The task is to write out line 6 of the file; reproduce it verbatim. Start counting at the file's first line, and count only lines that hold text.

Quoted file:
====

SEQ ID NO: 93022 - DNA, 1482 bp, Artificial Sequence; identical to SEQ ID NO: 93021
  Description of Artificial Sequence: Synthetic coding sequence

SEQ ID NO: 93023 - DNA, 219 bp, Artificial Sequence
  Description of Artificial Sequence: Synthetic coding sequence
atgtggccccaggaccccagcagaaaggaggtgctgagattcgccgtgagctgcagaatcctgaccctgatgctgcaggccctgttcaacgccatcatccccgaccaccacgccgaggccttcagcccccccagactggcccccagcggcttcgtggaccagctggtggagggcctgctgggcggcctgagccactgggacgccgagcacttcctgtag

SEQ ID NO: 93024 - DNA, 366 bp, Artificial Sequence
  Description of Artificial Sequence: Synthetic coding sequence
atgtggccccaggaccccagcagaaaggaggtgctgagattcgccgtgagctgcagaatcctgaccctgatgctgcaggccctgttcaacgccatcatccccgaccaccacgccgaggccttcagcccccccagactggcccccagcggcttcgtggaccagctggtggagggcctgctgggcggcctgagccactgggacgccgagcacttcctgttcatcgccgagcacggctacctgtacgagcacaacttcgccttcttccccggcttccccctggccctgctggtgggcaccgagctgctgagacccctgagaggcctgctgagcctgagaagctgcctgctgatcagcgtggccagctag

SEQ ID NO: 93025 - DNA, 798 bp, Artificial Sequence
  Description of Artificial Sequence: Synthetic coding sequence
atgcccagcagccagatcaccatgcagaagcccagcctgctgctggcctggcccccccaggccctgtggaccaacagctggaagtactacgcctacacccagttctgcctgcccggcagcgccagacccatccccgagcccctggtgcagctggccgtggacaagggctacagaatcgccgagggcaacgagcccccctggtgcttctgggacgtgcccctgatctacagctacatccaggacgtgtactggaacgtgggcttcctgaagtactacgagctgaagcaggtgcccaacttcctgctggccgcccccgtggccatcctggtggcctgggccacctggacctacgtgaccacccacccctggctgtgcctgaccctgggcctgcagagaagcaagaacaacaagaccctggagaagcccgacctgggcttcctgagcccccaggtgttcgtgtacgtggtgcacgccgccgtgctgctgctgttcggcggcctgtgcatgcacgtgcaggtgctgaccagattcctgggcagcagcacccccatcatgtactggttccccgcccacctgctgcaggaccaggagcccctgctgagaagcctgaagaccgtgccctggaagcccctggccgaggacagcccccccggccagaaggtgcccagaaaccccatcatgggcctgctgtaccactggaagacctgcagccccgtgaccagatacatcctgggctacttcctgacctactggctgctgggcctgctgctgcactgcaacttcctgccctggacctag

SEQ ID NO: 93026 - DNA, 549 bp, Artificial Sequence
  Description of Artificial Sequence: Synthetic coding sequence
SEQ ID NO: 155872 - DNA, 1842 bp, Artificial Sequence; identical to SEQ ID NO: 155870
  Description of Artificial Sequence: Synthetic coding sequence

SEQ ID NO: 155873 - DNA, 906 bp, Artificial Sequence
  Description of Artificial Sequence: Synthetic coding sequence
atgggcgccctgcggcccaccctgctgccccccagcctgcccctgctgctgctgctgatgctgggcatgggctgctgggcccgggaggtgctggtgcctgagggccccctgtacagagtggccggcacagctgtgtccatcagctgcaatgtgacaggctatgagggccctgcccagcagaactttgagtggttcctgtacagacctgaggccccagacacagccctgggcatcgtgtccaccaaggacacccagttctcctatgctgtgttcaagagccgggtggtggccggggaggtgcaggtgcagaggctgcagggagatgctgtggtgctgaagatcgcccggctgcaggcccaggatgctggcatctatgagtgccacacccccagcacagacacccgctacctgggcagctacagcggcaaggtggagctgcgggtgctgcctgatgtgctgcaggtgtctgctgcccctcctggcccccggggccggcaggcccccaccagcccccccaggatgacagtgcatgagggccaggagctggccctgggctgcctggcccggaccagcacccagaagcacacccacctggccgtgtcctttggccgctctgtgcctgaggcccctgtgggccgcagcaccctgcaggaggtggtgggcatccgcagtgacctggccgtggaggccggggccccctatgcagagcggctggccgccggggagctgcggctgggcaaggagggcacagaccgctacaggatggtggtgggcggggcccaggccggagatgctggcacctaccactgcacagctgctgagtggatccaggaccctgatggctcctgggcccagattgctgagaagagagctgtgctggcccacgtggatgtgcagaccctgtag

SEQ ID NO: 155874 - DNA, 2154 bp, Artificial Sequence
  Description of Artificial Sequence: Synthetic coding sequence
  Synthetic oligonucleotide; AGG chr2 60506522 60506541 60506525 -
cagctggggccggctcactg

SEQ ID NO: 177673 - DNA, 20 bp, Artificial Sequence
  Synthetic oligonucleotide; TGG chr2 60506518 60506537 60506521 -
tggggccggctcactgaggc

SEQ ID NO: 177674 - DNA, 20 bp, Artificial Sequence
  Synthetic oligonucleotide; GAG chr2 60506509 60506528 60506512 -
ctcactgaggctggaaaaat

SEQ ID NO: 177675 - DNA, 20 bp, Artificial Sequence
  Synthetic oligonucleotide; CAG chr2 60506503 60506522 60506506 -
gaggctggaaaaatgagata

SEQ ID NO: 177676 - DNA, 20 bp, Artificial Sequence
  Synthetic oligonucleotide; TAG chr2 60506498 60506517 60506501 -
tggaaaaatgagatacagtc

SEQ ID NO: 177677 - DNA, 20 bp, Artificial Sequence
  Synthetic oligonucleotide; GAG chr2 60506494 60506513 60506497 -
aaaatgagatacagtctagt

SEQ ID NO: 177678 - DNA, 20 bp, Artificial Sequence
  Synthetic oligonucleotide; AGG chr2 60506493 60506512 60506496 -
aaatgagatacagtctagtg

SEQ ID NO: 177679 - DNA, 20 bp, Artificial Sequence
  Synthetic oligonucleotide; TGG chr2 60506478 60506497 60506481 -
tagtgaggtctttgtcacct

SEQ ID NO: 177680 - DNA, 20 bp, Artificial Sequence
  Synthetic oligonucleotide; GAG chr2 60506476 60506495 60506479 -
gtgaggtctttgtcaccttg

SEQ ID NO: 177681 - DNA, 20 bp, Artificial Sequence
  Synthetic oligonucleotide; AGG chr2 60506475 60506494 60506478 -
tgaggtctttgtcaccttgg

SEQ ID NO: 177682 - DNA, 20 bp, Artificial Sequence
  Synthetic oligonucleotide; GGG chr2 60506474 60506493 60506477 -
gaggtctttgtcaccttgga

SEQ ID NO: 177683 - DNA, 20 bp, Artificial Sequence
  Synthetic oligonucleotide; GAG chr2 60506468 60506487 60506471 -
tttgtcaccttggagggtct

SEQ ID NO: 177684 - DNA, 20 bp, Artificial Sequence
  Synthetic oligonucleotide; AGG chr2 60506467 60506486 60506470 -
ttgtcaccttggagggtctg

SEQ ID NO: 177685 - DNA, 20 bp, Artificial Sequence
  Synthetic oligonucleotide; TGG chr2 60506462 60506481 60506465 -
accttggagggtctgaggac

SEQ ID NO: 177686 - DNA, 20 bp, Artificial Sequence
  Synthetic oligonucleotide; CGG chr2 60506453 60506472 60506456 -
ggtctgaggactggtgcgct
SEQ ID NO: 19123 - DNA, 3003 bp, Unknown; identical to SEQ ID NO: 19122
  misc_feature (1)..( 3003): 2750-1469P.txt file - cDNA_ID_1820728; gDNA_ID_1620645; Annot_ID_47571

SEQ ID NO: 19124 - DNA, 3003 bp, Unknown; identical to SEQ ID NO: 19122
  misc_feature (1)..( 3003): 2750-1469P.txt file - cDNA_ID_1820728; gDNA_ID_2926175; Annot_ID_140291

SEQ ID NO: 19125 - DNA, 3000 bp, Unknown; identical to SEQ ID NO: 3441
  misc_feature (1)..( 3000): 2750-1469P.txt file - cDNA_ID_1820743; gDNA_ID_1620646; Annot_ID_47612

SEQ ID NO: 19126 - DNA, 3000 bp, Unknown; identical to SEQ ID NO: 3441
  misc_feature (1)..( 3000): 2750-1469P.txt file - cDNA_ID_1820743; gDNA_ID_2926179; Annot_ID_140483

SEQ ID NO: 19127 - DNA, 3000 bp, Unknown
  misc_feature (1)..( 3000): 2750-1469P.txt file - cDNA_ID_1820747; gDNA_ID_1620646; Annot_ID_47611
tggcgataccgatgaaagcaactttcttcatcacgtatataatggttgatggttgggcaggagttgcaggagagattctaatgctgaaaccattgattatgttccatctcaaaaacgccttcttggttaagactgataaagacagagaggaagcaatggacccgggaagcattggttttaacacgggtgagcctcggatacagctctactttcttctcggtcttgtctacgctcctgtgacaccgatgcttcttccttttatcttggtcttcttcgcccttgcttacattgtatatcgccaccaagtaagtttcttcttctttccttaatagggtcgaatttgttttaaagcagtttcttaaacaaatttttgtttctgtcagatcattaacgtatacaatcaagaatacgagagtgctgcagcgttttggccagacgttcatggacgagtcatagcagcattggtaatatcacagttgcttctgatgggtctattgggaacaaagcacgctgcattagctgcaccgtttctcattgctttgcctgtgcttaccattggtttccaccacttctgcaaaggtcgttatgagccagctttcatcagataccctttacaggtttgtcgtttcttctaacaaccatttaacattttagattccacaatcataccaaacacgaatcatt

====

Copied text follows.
SEQ ID NO: 93024 - DNA, 366 bp, Artificial Sequence